From restaurants to reefs: Recycling discarded oyster shells

2017-02-21 21:02
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On Lake Athanasio - If you slurp oysters from the half-shell in New Orleans, you may be doing more than satisfying a culinary craving. You could be helping to construct reefs that environmental groups hope will save a bit of Louisiana's coastline.

Since 2014, restaurants have contributed nearly 2 600 tons of shells to the Coalition to Restore Coastal Louisiana and The Nature Conservancy, which have already used a quarter of them to construct a half-mile-long reef about 60km outside of New Orleans.

Tiny oyster larvae like nothing better than oyster shells to cement themselves to as their permanent home. Up to 10 of the larvae, known as spat, can stick to a single shell. Left undisturbed, the reef grows up and out, providing homes for other types of marine life and slowing the waves that chew continually at Louisiana's coast. The oysters also filter up to 100 litres of water a day, improving water quality.

For thousands of years, people have been hauling oysters out of the sea, chowing down on the 28g or so of meat inside, and then tossing the shells. Prehistoric Indians left oyster and clamshell heaps up to 180m long and 15- to 30m high on every US coast. These days, the shells either end up in landfills or are ground up into road material or chicken feed.

Although Louisiana's oyster fishery is the nation's largest - producing nearly 6 600 tons in 2015 alone - until recently the state built shallow-water reefs mostly of concrete or limestone, not shells. Recycling oyster shells was inspired by programmes in other states, including Texas.

A 75m-long, more than 6m-wide reef in south Texas' Aransas Bay has had visible results since it was started in 2011, said Gail Sutton of the Harte Research institute at Texas A&M University. She points to Google Earth photos of a fishing pier at Goose Island State Park in 2011, showing a thin white line of easily erodible sand nearby. Photos taken in 2016 show that sea grass has grown over the sand, its roots holding the fragile land more securely, she said.

Prior to the reef's installation, "the wave action was so severe that the sea grass could not latch down and stay put," she said. "Now we're seeing it fill in. ... It's changing the whole side of that one cove."

The new reef off Louisiana's coast, completed in November, consists of about 650 tons of shells, bagged and then placed into steel-mesh boxes known as gabion baskets measuring 1.8m long, 1m wide and 1m high.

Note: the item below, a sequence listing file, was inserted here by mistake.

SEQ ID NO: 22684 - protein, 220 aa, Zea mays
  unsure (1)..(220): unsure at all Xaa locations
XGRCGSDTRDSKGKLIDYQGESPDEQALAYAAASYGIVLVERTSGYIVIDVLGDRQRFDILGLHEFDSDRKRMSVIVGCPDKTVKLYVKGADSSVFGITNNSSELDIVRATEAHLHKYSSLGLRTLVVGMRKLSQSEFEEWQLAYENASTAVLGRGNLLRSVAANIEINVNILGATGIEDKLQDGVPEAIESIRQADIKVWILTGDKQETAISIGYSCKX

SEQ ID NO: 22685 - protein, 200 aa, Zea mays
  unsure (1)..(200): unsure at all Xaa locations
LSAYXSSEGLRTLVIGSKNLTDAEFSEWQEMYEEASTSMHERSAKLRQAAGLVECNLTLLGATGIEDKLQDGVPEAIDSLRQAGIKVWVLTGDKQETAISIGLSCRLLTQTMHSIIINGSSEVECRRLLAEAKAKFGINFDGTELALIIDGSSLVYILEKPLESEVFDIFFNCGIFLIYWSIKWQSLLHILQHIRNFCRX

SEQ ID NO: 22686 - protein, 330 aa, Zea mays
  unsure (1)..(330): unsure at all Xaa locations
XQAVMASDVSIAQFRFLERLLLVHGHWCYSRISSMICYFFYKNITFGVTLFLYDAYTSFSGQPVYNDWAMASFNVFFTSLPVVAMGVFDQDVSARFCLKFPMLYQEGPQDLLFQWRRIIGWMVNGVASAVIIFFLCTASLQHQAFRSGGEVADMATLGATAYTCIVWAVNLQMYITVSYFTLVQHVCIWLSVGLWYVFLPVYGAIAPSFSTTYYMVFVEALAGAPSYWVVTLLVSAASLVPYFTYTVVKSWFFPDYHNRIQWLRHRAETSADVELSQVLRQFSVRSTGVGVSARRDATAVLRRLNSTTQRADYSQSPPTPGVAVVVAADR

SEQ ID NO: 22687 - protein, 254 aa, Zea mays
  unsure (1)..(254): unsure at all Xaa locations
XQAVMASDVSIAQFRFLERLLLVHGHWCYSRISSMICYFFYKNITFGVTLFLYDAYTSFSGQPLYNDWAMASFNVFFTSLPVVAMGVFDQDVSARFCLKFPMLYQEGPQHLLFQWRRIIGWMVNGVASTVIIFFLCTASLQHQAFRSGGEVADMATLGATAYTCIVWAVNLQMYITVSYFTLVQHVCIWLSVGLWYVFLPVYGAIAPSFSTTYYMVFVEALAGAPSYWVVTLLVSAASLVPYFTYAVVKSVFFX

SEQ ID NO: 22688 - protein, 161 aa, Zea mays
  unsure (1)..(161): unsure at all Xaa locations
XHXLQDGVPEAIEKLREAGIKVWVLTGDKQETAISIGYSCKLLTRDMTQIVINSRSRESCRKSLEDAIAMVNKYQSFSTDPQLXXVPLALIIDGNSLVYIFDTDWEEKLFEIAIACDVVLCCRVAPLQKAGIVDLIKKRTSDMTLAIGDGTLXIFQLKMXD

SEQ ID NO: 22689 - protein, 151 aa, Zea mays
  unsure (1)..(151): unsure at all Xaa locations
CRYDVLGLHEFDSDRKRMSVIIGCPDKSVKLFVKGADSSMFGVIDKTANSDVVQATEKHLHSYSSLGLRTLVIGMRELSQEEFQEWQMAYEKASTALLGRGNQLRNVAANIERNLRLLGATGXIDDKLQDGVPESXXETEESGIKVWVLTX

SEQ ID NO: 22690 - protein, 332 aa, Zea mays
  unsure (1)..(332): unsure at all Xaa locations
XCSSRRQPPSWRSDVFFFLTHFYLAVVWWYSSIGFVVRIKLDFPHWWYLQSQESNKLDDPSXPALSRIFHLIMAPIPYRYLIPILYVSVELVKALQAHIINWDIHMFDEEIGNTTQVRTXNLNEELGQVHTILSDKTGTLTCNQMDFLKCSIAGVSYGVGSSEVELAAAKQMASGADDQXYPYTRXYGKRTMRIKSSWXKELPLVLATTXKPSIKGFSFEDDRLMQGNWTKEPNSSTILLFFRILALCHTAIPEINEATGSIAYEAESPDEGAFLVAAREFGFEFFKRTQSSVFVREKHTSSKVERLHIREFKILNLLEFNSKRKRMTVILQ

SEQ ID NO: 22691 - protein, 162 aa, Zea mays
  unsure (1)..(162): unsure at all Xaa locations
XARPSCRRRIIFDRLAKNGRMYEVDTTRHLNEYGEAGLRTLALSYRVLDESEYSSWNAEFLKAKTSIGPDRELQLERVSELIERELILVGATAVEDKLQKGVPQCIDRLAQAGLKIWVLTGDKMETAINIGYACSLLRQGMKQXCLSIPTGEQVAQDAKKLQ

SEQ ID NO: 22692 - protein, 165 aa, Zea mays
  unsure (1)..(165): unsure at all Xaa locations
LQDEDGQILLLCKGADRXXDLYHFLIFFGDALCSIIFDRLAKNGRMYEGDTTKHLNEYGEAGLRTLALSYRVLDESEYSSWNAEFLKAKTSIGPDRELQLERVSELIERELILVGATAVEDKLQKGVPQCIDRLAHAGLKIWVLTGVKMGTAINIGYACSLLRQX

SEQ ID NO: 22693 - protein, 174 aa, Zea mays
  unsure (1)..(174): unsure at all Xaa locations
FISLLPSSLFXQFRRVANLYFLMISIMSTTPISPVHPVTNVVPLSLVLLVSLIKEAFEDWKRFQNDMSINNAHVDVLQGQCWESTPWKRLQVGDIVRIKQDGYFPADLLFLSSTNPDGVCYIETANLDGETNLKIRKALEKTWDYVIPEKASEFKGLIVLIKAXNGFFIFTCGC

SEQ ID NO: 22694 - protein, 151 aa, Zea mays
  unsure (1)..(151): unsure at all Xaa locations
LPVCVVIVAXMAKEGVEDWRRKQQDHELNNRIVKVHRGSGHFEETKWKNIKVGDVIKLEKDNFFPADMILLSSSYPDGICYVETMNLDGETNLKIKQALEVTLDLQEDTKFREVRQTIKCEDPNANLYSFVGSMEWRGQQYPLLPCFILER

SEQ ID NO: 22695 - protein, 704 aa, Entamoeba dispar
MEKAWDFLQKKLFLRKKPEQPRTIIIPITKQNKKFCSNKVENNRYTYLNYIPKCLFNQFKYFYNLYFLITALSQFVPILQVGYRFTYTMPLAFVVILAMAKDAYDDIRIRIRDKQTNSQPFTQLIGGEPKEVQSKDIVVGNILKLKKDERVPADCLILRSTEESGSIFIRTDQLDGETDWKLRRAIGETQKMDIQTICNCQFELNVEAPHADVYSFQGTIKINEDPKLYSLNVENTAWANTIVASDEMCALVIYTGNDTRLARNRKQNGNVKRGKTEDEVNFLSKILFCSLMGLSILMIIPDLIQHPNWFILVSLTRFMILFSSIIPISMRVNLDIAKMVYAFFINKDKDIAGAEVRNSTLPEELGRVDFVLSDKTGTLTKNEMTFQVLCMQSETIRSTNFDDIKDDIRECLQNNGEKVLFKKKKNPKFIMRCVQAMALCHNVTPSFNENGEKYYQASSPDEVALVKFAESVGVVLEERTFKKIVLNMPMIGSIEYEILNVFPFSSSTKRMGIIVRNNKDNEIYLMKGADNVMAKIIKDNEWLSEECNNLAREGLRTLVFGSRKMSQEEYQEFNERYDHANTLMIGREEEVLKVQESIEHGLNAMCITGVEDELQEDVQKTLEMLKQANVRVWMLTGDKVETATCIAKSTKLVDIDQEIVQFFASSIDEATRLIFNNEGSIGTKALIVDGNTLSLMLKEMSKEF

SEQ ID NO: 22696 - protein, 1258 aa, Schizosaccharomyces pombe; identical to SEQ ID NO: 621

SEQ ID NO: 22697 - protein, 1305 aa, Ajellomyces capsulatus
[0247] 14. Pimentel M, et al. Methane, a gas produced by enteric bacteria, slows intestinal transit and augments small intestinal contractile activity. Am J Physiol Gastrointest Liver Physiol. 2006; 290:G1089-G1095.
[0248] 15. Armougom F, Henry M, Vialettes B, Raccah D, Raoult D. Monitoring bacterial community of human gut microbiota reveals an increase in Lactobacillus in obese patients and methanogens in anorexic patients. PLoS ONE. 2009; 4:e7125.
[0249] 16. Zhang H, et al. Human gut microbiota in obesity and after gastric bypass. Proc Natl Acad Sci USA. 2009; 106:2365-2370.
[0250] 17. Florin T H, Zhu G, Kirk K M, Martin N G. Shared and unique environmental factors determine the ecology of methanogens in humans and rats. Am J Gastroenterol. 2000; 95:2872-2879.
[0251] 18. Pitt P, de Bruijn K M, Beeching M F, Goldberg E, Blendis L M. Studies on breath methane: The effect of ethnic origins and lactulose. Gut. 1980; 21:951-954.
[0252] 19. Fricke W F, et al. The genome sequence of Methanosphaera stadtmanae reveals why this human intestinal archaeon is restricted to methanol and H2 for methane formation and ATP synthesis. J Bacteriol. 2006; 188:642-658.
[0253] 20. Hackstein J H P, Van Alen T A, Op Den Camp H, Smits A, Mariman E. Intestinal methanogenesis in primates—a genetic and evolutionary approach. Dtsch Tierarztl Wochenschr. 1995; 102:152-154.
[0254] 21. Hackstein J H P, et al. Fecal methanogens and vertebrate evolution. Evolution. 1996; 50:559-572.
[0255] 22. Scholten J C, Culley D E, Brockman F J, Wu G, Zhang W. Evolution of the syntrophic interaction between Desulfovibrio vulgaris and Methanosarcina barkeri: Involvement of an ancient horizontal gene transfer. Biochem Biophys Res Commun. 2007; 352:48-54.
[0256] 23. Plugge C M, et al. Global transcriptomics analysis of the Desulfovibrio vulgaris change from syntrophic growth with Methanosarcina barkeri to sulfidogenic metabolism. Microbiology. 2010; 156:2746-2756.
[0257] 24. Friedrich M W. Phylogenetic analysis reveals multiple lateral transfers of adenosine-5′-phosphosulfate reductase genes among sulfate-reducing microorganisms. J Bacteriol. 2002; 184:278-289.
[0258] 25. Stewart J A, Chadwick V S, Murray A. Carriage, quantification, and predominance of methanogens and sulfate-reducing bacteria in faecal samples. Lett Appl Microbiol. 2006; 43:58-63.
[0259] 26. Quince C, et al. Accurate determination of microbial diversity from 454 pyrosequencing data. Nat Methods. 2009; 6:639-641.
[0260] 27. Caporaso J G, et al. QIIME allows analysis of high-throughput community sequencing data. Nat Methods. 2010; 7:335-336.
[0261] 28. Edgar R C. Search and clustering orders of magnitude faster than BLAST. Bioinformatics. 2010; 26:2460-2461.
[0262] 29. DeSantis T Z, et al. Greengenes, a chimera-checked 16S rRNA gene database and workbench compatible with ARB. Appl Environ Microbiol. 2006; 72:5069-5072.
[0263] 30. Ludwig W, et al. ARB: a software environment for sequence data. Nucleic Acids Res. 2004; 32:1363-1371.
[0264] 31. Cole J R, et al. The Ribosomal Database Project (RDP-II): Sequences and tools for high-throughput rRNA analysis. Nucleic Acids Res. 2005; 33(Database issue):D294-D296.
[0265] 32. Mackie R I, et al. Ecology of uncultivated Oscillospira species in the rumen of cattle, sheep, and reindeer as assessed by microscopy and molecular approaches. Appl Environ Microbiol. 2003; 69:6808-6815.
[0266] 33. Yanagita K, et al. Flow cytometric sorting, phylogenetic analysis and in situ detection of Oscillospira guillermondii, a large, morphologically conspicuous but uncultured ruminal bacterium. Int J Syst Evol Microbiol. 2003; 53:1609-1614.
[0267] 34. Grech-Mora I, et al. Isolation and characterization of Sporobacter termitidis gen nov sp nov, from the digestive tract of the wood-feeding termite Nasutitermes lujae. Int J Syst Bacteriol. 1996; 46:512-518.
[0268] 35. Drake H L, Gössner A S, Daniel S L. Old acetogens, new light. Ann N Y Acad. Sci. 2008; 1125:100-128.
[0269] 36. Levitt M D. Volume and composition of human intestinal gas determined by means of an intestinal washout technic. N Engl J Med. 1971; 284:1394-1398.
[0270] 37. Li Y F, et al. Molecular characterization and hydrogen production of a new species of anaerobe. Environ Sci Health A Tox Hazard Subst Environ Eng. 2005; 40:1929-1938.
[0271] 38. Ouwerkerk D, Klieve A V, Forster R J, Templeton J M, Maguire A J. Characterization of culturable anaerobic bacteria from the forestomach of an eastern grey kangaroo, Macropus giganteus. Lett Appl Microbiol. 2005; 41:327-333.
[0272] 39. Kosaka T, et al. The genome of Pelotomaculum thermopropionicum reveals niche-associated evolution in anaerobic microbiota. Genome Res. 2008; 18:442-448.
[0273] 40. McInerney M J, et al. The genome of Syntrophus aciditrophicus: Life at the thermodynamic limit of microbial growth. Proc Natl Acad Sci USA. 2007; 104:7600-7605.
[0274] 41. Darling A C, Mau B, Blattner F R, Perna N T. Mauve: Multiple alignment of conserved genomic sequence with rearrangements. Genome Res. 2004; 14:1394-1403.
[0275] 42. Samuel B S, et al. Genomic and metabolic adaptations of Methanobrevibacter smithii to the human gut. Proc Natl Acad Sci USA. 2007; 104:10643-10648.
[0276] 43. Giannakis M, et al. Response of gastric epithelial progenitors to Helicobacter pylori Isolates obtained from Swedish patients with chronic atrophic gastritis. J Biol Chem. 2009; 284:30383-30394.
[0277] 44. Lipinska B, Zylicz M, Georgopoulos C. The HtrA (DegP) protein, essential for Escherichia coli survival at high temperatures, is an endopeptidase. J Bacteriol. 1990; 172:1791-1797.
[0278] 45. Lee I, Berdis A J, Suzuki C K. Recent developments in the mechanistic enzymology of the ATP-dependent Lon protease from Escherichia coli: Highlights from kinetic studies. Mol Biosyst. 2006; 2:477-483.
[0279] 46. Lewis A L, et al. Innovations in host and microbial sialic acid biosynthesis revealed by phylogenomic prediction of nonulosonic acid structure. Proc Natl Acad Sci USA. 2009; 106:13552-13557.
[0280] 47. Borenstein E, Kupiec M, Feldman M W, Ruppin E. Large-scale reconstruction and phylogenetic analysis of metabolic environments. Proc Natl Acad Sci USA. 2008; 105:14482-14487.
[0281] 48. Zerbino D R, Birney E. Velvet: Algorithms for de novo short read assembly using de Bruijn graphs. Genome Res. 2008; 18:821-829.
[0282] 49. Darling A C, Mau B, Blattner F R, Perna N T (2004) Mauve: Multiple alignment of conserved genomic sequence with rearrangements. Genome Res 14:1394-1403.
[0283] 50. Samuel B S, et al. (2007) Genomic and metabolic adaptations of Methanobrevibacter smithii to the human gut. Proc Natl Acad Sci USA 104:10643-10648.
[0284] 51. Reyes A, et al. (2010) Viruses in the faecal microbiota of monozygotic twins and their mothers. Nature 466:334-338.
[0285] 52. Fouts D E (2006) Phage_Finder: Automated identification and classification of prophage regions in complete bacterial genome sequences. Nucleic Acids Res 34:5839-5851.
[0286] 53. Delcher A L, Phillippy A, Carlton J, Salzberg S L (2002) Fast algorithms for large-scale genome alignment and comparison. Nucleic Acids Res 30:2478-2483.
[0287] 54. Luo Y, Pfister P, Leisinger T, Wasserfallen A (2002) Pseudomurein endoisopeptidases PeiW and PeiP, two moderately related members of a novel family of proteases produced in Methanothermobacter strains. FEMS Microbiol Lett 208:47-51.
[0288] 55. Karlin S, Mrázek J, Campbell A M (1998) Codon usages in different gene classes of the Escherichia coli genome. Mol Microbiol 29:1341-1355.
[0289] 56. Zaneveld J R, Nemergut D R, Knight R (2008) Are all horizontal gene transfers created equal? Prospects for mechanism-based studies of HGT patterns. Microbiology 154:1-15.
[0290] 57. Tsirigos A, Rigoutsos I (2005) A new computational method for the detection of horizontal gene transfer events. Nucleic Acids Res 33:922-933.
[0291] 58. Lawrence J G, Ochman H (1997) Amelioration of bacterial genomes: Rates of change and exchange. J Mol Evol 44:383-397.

The baskets, each of which holds 2 tons of shells, are laid end-to-end about 6m from shore, with gaps to match inlets in the marsh along the shore of Lake Athanasio - really a Gulf Coast bay on the ragged edge of St Bernard Parish. The top is only about 0.3m below the surface at high tide, so signs have been set up to alert boaters.

"We're going to measure success by its growth over time," said Kim Reyher, executive director of the Coalition to Restore Coastal Louisiana.

The remaining shells already donated and those still being added go into huge heaps on land owned by the Department of Wildlife and Fisheries, where they cure in the sun until they are ready to be used for future reefs. The state department doesn't charge rent, but gets a percentage of the shells for its own programmes.

New Orleans' shell-collection programme has grown much faster than those in other states, thanks to a $1m grant that covered its first three years and let the Coalition to Restore Coastal Louisiana and The Nature Conservancy haul away shells without charging restaurants.

But now that the grant has expired, restaurants are being asked to pay about half the cost: $150 per 120 litre collection bin. Consequently, more than half of the 26 participating restaurants have dropped out - including one that provided 484 tons of shells. That restaurant might have had to pay as much as $3 000 a month to stay in the programme.

The coalition is applying for additional grants to keep funding the programme; in the meantime, the restaurants that are sticking with it include some of the largest contributors. Overall, the 10 remaining restaurants donated more than one-third of the total received in the programme's first three years.

Among them is the No 2 shell contributor, Bourbon House, whose general manager, Steven Schnell, estimates the recycling programme will cost the restaurant about $900 a month going forward. Schnell says the restaurant has provided about 334 tons of shells so far.

"It takes about 700 tons to build one of these reefs," he said. "So we're really proud of the fact that half a reef is coming directly from this restaurant."

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